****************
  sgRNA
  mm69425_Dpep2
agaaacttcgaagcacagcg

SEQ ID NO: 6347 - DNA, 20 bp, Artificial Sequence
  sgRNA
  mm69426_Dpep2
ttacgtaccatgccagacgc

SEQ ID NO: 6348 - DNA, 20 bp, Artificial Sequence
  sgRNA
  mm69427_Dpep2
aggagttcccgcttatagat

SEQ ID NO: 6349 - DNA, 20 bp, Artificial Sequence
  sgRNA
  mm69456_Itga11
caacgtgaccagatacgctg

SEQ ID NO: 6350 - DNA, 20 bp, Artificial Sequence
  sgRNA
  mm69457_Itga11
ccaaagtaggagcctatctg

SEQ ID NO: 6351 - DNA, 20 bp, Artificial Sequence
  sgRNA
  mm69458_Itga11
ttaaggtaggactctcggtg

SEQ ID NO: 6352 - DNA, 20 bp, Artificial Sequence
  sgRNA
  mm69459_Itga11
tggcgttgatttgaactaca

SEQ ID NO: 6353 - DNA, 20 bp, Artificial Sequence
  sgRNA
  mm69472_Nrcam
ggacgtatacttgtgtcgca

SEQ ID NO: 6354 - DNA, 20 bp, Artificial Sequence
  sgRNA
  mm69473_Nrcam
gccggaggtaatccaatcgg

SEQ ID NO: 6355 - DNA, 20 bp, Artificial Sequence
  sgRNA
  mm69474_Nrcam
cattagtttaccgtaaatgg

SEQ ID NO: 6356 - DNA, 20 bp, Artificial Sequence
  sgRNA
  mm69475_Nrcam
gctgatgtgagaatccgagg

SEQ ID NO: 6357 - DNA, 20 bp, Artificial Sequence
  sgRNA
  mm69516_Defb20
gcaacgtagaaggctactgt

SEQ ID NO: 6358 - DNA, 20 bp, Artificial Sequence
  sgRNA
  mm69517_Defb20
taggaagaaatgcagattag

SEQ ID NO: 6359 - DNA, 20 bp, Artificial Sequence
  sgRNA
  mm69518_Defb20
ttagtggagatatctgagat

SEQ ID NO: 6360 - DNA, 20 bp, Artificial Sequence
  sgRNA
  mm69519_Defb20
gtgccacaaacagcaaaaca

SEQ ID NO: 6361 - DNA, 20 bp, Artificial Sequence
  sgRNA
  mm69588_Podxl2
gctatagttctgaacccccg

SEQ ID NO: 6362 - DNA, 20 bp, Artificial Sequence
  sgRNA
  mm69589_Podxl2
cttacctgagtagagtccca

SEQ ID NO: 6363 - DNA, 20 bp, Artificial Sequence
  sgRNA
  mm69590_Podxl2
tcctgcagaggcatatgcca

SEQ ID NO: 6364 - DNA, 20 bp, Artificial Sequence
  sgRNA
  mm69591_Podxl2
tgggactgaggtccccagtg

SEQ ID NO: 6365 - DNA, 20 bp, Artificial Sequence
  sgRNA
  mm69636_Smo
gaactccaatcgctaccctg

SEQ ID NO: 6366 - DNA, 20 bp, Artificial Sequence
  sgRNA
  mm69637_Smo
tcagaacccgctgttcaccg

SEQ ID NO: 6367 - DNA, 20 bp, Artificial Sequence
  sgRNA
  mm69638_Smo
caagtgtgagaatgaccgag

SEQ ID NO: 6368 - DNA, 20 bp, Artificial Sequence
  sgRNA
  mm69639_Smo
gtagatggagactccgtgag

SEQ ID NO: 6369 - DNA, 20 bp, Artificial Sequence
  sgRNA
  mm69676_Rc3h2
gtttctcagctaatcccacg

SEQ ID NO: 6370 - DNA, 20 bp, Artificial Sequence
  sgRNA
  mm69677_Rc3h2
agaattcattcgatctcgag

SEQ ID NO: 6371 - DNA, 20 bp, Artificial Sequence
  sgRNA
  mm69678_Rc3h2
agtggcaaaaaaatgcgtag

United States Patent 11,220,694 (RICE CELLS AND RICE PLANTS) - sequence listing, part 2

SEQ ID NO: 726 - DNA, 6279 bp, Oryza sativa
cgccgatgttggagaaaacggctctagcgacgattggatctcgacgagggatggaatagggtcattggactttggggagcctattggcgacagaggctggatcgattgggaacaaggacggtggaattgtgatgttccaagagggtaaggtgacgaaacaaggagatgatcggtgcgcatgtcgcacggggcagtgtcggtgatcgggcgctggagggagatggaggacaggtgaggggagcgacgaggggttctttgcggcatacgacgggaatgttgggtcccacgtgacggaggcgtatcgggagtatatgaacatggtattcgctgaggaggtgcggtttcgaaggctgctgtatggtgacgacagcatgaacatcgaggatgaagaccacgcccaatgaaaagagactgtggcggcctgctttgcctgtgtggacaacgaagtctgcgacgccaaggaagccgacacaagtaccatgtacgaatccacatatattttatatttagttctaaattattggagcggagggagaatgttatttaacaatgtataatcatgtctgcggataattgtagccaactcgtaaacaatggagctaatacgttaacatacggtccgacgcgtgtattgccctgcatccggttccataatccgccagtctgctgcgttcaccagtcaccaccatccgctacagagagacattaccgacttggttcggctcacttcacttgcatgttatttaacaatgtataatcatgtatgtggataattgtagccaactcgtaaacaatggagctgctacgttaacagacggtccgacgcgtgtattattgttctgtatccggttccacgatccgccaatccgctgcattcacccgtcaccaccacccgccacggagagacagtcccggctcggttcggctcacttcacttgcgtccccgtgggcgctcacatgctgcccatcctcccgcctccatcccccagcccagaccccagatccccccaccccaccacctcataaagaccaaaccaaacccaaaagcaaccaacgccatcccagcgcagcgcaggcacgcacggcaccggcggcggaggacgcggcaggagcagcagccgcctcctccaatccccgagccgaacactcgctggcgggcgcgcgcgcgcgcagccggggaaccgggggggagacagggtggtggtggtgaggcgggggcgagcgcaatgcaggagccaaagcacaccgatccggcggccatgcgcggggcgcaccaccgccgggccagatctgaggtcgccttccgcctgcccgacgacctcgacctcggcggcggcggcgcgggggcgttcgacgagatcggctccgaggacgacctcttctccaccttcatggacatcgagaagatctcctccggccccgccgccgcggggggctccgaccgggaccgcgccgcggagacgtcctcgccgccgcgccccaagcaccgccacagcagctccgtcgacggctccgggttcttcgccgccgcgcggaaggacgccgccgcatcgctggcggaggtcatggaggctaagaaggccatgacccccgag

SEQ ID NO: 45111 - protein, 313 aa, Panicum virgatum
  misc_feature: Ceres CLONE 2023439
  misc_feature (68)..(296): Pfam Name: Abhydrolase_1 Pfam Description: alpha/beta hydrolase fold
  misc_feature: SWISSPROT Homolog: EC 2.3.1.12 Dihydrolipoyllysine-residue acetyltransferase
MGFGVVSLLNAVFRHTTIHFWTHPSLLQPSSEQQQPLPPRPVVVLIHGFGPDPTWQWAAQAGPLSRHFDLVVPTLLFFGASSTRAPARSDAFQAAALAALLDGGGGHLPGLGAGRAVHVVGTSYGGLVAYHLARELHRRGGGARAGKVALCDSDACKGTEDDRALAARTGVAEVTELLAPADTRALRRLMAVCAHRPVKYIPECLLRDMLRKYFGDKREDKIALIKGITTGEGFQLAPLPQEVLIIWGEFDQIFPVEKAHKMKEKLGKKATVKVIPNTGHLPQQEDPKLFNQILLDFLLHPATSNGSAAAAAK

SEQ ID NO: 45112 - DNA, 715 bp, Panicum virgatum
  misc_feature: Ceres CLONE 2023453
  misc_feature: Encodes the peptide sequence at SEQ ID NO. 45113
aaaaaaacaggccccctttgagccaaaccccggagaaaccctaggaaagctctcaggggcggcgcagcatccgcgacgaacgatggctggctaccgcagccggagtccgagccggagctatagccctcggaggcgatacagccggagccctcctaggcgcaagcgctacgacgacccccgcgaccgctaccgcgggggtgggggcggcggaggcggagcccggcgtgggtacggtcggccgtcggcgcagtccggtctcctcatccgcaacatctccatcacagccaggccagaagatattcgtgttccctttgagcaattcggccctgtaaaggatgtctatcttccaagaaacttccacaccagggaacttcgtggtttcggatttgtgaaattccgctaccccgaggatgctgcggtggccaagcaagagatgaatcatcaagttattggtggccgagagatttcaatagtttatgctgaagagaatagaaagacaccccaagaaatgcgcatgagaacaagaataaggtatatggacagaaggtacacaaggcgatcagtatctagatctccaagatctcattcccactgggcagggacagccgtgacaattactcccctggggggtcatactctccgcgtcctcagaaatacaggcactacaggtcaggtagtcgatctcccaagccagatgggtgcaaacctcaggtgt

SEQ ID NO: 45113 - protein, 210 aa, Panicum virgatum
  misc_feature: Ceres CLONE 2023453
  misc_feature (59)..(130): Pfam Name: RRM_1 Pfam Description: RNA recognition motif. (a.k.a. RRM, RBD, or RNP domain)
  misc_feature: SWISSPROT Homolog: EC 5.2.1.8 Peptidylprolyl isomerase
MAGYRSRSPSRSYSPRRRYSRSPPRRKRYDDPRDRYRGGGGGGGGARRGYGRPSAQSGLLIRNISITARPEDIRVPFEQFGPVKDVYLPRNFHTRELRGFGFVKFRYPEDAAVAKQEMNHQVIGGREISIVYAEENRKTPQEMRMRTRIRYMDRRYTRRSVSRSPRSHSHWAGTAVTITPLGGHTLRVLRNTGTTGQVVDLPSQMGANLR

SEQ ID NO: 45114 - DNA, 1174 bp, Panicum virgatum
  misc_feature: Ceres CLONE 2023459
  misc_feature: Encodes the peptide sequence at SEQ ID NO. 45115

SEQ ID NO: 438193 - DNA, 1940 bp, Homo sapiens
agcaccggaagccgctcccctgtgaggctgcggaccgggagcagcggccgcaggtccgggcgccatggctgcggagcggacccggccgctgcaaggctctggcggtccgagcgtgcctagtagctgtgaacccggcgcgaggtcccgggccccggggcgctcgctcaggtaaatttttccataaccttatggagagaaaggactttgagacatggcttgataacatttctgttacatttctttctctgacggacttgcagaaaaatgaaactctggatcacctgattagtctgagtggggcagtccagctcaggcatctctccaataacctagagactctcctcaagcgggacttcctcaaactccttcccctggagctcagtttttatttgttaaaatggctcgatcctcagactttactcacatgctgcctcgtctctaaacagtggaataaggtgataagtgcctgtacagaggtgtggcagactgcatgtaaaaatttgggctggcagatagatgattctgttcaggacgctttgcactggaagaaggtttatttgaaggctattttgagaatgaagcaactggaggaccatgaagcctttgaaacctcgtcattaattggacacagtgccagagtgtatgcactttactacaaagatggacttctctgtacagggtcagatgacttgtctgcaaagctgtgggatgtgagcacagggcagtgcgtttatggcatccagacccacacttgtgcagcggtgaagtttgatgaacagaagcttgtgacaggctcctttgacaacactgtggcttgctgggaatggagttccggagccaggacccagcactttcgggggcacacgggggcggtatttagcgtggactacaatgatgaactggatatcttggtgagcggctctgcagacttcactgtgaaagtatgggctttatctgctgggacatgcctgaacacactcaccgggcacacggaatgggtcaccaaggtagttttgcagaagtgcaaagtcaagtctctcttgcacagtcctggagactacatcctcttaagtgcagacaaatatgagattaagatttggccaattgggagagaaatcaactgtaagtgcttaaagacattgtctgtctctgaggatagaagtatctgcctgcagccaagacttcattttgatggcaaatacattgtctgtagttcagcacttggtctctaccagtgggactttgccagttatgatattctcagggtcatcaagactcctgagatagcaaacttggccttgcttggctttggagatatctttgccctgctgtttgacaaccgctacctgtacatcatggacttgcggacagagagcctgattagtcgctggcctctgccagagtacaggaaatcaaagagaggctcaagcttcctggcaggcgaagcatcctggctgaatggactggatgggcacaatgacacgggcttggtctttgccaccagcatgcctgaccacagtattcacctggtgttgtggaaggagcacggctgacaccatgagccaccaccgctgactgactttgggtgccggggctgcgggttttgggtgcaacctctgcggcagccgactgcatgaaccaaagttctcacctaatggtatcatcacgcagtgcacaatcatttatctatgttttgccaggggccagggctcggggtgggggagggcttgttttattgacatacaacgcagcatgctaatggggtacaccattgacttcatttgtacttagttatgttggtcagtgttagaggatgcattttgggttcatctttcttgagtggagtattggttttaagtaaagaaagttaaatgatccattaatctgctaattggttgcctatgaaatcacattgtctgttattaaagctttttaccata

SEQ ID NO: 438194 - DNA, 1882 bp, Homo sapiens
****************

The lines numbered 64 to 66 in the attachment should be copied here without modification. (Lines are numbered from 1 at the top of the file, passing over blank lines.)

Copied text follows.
SEQ ID NO: 6362 - DNA, 20 bp, Artificial Sequence
  sgRNA
  mm69589_Podxl2